Friday, February 26, 2021

The latest political advertising

 Where was the author all these years? Did he not still live in the hood for the past 20 years or more? Funny how these things appear now, just in time for the election season.

From the MWDN:

The city is comprised of a variety of diverse neighborhoods, from Nobscot to Saxonville to Lokerville, each with its own identity and history.

“We’re really a community of a bunch of neighborhoods,” said District 8 City Councilor John Stefanini, a resident of the Coburnville-Tripoli neighborhood.

Stefanini is seeking an ordinance to create Neighborhood Advisory Groups throughout the city that would harness neighbors’ expertise, experience and energy, create a stronger sense of community and give residents a louder voice in city government.

Several other cities, including Boston and Newton, have formed neighborhood groups to connect community members with city leaders to promote their neighborhoods and ensure the areas retain their unique characteristics and vitality. Stefanini said strong, engaged neighborhoods are key to creating a healthy, vibrant and thriving city.

“We as a community need to put out a welcome wagon for our neighborhoods because they are what binds us together,” he said.

Under Stefanini’s proposal, neighborhood groups would help evaluate impacts and propose mitigation for local development projects; propose beautification, signage and capital projects; and evaluate municipal services and suggest sustainability strategies.

The groups will secure support and funding for annual block parties, cleanup days and crime watches, along with sending out advance notification of municipal-related public works or utility projects, access and disseminate information through city lists and the website and establish permit parking.

“This is all about community-building,” said Stefanini. “…A stronger community is built one neighborhood at time.”

 The mayor would annually assess the strengths and challenges, neighborhood by neighborhood, and make recommendations to the council for positive changes to bylaws and municipal practices.

Residents would request the establishment of a neighborhood group to the City Council, which would hold a public hearing and eventually vote. Neighborhood groups would be self-selecting and shall include an 11- to 19-member executive committee, with membership open to all residents of the neighborhood as set out in the group’s bylaws, according to the proposed ordinance.

Stefanini said there are several former Town Meeting members, community activists, newcomers and townies who want to work with city government to represent neighborhood interests and issues. He cited the Friends of Saxonville as a model neighborhood group.

In the Coburnville-Tripoli neighborhood, a group was started 15 years ago and faded, but has begun to return. The group introduced neighbors living a few doors down or a street away, as well as strengthened connections.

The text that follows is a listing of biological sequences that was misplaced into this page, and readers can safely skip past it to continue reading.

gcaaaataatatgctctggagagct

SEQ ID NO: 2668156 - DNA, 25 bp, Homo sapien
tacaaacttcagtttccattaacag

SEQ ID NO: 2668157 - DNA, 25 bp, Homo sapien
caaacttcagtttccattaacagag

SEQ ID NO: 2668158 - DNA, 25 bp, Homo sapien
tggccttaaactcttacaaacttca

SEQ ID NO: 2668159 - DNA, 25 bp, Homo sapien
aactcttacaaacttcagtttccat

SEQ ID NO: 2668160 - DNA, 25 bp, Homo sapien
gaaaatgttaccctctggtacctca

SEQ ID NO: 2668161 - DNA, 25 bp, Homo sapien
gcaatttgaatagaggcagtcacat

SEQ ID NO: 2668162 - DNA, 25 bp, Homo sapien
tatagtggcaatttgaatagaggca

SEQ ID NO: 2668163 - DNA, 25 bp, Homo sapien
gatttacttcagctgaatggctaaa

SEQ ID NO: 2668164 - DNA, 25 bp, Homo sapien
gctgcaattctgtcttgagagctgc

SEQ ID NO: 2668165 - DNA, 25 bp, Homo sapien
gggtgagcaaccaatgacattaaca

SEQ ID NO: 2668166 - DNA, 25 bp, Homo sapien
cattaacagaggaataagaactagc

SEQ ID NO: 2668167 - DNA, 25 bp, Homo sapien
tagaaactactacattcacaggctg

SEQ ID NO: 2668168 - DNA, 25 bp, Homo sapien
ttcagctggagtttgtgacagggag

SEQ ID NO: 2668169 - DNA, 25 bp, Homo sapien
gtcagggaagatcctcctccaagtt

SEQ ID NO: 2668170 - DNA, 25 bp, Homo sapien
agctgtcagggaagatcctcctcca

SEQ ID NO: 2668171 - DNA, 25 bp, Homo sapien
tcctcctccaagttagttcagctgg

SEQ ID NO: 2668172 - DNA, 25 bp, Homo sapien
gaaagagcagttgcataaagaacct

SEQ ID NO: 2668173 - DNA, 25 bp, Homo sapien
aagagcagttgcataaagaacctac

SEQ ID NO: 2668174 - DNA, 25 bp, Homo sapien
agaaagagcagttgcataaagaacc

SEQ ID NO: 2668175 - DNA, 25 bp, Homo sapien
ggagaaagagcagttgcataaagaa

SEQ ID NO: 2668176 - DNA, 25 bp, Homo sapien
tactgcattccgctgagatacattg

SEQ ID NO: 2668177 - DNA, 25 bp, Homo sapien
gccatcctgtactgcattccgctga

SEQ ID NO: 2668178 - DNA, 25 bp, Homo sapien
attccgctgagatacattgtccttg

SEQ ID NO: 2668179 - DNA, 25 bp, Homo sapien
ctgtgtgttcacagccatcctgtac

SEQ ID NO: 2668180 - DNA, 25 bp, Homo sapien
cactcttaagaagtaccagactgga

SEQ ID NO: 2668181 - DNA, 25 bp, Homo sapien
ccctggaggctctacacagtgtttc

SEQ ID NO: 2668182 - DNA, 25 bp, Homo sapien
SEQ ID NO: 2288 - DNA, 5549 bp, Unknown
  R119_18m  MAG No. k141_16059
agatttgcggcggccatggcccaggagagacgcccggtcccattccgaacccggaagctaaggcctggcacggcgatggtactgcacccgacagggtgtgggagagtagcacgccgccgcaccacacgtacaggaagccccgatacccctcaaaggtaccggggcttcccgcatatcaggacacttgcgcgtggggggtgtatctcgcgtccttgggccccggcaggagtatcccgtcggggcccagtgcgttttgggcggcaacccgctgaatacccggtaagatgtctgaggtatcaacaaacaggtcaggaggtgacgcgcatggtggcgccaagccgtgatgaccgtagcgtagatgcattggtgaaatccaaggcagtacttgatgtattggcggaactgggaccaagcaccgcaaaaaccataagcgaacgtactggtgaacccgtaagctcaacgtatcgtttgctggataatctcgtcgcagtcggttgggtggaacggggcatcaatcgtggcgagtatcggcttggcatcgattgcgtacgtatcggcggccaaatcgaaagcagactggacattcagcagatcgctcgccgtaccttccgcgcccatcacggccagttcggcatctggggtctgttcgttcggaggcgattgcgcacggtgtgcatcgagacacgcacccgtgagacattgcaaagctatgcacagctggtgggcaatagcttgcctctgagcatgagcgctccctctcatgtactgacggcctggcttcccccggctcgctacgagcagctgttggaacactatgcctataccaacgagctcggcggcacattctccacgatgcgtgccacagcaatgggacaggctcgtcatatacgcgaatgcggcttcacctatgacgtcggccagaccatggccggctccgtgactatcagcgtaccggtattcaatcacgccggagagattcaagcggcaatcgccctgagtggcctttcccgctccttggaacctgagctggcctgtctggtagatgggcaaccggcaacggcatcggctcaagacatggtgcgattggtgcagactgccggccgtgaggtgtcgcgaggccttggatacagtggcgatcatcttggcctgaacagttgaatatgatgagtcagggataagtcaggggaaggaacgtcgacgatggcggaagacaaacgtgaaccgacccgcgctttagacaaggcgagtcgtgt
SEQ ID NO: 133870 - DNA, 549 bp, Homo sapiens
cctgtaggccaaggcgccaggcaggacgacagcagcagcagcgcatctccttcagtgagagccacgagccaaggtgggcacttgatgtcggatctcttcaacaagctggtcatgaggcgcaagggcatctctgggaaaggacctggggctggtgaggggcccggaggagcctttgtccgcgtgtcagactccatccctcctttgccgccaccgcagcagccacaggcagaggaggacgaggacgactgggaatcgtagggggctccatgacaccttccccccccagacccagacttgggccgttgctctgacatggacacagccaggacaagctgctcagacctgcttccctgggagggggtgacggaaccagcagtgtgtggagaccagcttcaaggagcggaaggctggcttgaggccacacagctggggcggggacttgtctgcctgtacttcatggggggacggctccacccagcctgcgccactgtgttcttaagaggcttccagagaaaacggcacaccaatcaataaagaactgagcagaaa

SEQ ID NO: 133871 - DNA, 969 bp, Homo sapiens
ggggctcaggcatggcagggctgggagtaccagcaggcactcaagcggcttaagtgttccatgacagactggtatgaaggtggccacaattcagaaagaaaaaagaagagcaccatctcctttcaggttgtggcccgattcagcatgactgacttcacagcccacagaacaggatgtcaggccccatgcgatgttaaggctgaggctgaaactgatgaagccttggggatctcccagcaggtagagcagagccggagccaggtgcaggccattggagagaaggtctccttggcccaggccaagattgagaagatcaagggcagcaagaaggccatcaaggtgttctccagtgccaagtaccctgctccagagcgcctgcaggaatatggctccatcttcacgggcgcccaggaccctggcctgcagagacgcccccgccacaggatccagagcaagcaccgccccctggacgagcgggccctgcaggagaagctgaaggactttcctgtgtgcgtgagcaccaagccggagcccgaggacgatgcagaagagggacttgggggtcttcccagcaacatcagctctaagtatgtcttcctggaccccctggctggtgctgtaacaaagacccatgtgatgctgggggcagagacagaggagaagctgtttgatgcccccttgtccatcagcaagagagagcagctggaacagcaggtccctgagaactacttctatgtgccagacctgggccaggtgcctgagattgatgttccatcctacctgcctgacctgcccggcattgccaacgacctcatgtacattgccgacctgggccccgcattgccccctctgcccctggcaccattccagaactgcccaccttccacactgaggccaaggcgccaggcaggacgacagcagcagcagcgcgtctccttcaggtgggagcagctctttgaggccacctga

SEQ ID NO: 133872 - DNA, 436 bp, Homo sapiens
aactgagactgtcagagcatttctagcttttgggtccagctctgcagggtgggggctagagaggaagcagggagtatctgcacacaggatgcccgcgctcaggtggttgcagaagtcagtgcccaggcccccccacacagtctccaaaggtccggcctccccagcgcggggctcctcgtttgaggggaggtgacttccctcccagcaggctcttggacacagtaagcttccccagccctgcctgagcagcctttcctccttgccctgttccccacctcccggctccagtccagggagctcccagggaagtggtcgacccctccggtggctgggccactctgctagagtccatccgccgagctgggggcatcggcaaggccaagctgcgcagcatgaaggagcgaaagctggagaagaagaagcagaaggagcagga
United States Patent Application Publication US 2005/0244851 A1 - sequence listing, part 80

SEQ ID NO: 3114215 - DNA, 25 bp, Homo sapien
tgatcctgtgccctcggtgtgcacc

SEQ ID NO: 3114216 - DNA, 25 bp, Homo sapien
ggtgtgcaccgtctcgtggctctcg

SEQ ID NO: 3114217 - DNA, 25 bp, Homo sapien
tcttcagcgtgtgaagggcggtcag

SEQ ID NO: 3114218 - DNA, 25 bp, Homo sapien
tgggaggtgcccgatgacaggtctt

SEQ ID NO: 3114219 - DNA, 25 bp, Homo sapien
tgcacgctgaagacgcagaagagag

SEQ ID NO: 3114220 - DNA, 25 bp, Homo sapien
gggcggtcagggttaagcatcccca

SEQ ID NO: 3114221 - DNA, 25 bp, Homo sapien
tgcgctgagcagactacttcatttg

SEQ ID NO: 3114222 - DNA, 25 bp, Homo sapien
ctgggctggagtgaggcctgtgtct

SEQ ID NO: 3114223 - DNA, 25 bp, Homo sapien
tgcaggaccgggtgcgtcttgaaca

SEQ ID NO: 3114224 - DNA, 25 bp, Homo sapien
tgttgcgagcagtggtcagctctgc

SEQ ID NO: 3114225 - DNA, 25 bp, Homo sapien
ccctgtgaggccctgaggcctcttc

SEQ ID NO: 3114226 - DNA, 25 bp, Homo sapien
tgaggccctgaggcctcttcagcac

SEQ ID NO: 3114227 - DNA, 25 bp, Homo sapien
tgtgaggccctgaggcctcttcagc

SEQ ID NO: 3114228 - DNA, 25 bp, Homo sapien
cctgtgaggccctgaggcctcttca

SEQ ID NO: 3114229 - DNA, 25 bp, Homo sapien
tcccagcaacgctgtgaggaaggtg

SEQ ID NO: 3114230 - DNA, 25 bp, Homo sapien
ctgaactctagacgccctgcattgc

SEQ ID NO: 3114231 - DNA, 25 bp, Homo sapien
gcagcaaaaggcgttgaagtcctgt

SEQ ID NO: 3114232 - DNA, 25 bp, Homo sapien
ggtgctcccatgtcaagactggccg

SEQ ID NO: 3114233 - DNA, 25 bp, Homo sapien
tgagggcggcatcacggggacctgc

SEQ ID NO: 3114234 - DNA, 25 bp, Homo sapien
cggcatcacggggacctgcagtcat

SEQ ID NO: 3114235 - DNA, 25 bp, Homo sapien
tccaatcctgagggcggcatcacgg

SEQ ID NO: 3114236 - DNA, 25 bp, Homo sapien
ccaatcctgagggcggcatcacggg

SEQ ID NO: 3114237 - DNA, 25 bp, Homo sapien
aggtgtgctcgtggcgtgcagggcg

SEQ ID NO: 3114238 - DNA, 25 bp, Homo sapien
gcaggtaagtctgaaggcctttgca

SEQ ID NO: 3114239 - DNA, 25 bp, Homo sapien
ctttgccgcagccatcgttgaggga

“It’s helped us get to know each other,” said Stefanini.

Stefanini’s request is before the City Council’s Ordinance and Rules Committee, which will provide a recommendation to the full council.

The fix is in on the water deficit

 Notice which departments didn't contribute... Police and Fire who between them spend 2 million a year plus on OT. Arrests are down 80%, FPD said they are giving out summons instead of arresting some criminal violators. Crime continues to drop in the Ham so it would be sensible to think that court time OT has dramatically been reduced, detective time, etc, yet the administration takes money from media services which is separately funded by the three cable company's. That revenue (almost 1 million a year and dropping) is only to be used for public access, Gov access and the school channel as far as I know.

And again, the administration ignores the revenue that will be coming in slowly over the next two years from the cannabis industry, which the COO stated would be 500k to 600k when everyone is up and running. I would have preferred to see that tax revenue go towards the deficit.  


From the MWDN:

The fix for the multi million-dollar gap will come from dipping into the city’s free cash reserve. The water and sewer department enterprise funds will each be cut by $100,000 and $200,000 more will be taken from the general reserve fund. The proposal includes using $2.1 million from free cash to cover the deficit.

Various city departments will pitch in about $661,000 to refill the free cash fund, including $411,000 from the city’s schools, $150,000 from the library, $27,000 from the Council on Aging, $22,700 from media services, $21,000 from Planning and Community Development, $19,000 from capital projects and $10,000 from Loring Arena.